Poetry

Poetry

Brother Mars

Hubble pockets light years, eons, sees eye
   to eye with dust, a small drop of water.
   NASA’s robot stalks tiptoe, a cat’s paw
on the prowl to report if there is life,
beeps back a monument of stone and ice,
   an unresponsive mountain in orbit.
   Delicate antennae translate the laws
of physics into a mourner’s sigh.

But the frozen droplet, like the sea
   to a drowning man, whirls its rueful hoard
of thanks deferred, of love unvoiced, the pleas
of miracles before the eyes, the mystery
   of the heart, the mind’s Post-it notes: Praise the Lord,
Carpe Diem and Memento Mori.

Heeling

It’s the coat I notice first, several sizes
too big, and blue as the sea, an ocean
to drown in, and clearly not hers. It was,
I guessed, his, just two months dead, and
she, his wife for scarcely a year, stays
afloat, barely, marooned in his clothes, in
anything that keeps him close, the scent
and touch of cloth to skin. But it’s the shoes
that pierce my heart—gunboats, we called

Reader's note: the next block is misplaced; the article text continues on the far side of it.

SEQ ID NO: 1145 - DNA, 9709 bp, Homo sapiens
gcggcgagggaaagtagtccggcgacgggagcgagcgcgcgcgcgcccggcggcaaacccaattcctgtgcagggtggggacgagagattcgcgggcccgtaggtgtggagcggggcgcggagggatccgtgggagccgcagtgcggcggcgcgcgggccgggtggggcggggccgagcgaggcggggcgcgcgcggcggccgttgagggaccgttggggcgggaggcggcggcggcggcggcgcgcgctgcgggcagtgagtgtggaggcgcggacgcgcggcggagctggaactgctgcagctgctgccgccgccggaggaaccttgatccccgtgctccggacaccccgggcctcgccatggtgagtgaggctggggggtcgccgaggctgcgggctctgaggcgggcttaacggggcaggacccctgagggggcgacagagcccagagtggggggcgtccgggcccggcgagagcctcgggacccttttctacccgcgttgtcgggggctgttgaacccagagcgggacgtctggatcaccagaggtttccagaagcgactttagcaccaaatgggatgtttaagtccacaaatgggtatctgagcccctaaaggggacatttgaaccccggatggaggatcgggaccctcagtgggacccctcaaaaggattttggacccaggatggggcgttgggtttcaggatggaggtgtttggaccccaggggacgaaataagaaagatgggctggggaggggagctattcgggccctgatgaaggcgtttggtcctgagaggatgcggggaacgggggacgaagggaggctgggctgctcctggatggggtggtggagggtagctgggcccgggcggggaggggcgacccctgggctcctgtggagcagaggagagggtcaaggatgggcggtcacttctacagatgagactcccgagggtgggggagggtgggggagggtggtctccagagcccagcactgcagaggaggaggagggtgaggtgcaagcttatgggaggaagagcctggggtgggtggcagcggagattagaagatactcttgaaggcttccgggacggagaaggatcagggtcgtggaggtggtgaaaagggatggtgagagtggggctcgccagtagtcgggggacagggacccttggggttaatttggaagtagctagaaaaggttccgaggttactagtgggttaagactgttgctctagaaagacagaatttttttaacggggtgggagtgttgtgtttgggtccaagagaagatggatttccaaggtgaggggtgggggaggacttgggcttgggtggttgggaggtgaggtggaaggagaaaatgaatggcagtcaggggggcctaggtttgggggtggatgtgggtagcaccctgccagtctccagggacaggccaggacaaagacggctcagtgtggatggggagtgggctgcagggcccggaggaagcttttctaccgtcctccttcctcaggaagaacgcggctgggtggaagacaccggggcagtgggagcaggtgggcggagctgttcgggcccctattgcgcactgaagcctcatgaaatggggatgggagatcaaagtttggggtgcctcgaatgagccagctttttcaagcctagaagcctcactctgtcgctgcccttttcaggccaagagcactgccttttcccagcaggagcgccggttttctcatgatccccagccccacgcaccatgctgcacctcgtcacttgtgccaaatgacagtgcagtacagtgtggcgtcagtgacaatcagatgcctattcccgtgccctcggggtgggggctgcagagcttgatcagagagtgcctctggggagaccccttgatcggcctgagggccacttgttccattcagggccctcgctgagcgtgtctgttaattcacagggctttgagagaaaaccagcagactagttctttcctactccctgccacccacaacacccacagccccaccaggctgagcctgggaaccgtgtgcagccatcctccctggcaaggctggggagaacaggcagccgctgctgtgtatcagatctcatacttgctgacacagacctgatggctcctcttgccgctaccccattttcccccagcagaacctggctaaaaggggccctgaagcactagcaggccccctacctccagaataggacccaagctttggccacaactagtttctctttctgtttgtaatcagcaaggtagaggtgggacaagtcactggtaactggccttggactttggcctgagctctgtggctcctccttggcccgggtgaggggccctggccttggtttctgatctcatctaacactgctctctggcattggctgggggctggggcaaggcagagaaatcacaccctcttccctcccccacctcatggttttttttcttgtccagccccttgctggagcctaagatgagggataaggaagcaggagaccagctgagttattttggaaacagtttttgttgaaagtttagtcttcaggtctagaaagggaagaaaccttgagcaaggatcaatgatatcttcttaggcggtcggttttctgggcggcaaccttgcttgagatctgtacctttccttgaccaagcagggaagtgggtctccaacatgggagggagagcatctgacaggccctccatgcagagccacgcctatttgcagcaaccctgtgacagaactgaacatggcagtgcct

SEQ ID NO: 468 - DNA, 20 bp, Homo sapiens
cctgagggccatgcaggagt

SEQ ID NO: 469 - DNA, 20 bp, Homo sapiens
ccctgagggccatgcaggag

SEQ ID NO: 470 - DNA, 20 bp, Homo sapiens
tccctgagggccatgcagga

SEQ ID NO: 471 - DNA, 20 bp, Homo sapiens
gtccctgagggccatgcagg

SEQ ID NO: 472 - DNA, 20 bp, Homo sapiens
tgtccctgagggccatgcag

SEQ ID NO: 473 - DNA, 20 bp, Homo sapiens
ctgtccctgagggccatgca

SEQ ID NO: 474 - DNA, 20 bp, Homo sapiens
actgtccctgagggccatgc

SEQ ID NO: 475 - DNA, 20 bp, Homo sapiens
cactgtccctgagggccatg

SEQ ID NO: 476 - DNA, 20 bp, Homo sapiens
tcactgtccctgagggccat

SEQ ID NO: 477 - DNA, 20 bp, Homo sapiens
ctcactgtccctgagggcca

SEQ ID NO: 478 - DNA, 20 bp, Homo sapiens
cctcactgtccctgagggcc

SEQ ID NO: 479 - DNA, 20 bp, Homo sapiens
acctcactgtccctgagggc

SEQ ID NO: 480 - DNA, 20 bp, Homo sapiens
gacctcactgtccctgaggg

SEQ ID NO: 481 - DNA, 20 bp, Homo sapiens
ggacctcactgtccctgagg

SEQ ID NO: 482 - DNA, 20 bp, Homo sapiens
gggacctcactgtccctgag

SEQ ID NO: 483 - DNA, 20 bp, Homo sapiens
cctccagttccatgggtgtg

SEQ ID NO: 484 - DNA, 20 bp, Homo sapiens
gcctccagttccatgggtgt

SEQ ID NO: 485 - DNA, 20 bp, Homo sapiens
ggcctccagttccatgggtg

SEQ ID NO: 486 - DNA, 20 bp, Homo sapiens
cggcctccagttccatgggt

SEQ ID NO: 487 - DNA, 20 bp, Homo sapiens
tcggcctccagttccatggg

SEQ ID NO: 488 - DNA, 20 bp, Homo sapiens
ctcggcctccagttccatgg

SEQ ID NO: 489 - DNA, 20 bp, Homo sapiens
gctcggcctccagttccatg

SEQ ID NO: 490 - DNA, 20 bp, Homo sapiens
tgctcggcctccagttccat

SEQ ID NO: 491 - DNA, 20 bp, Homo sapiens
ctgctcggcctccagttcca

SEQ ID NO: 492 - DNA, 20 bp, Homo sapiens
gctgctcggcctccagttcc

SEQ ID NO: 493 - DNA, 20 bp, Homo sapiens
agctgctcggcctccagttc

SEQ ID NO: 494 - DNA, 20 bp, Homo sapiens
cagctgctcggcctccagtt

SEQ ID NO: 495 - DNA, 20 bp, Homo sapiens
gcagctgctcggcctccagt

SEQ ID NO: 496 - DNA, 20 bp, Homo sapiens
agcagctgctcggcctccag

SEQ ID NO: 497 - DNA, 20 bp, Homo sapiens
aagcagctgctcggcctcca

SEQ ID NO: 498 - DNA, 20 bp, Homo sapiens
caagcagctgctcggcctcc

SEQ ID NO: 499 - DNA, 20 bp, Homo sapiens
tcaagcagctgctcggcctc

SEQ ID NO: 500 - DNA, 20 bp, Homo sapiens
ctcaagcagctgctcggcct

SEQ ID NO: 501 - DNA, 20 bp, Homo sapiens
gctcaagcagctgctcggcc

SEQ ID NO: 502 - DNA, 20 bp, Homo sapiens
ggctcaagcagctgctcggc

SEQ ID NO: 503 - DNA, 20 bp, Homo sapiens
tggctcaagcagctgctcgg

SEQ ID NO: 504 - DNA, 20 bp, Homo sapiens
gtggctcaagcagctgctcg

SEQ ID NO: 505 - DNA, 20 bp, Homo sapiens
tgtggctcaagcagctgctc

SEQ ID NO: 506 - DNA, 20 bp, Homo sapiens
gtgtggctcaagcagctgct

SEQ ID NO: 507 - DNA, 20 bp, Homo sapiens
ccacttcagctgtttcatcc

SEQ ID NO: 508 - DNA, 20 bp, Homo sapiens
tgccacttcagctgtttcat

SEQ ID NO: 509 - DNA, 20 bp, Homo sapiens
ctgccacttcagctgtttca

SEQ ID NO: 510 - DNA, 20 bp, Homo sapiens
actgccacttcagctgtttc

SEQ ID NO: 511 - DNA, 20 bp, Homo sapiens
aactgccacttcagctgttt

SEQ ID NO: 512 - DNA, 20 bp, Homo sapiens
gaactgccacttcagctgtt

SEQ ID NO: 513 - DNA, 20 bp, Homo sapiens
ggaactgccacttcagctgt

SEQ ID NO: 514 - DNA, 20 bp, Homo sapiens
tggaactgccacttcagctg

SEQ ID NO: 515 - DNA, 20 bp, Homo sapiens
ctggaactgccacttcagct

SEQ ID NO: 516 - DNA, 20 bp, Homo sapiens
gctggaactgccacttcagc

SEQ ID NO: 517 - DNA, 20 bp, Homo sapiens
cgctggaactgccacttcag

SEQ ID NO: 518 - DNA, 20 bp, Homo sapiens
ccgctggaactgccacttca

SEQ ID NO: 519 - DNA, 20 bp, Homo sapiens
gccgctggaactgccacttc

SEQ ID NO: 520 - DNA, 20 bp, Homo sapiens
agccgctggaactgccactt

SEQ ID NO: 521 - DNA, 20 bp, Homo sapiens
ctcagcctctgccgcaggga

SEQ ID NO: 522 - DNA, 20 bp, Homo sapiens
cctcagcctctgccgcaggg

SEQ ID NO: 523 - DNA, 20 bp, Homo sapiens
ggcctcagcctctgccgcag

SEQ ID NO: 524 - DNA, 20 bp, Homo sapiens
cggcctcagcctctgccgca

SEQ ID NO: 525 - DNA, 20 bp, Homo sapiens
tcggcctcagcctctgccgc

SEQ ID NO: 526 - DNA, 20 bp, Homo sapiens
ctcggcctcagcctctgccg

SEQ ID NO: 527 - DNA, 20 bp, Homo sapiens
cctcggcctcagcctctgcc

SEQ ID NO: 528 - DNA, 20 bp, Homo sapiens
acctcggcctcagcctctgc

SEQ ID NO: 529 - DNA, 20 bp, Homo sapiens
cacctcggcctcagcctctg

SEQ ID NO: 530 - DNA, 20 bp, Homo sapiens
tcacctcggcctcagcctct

them when I was a child—and they do look
like boats, his New Balance sneakers that
carry her, heeling, over sharp breaking waves.

All Saints communion

—All Saints Episcopal Church,
Virginia Beach, April 1996
Having accepted from one palsied priest the cool,
the lucent wafer, having dipped it duly in the cup,
I pressed that sweet enormity fast against my tongue,
where on its sudden dissolution, I received a taste
of whose I was. I rose again and found my place.

As I knelt and tried to pray, I heard a little differently
the words the priest intoned as he continued offering
what passed for bread among high Protestants. His words:
the body of Christ, repeated as he set that emblem
into each pair of outstretched hands. My eyes were shut,

so each communicant returning down the aisle became
something of a shadow illustration of the words. In that
fraught moment, they became as well absorbed into the vast
array of witnesses, whose cloud invisibly attended
our sacramental blurring of the edge that keeps us separate.



Tree

It is foolish
to let a young redwood
grow next to a house.

Even in this
one lifetime,
you will have to choose.

That great calm being,
this clutter of soup pots and books—

Already the first branch-tips brush at the window.
Softly, calmly, immensity taps at your life.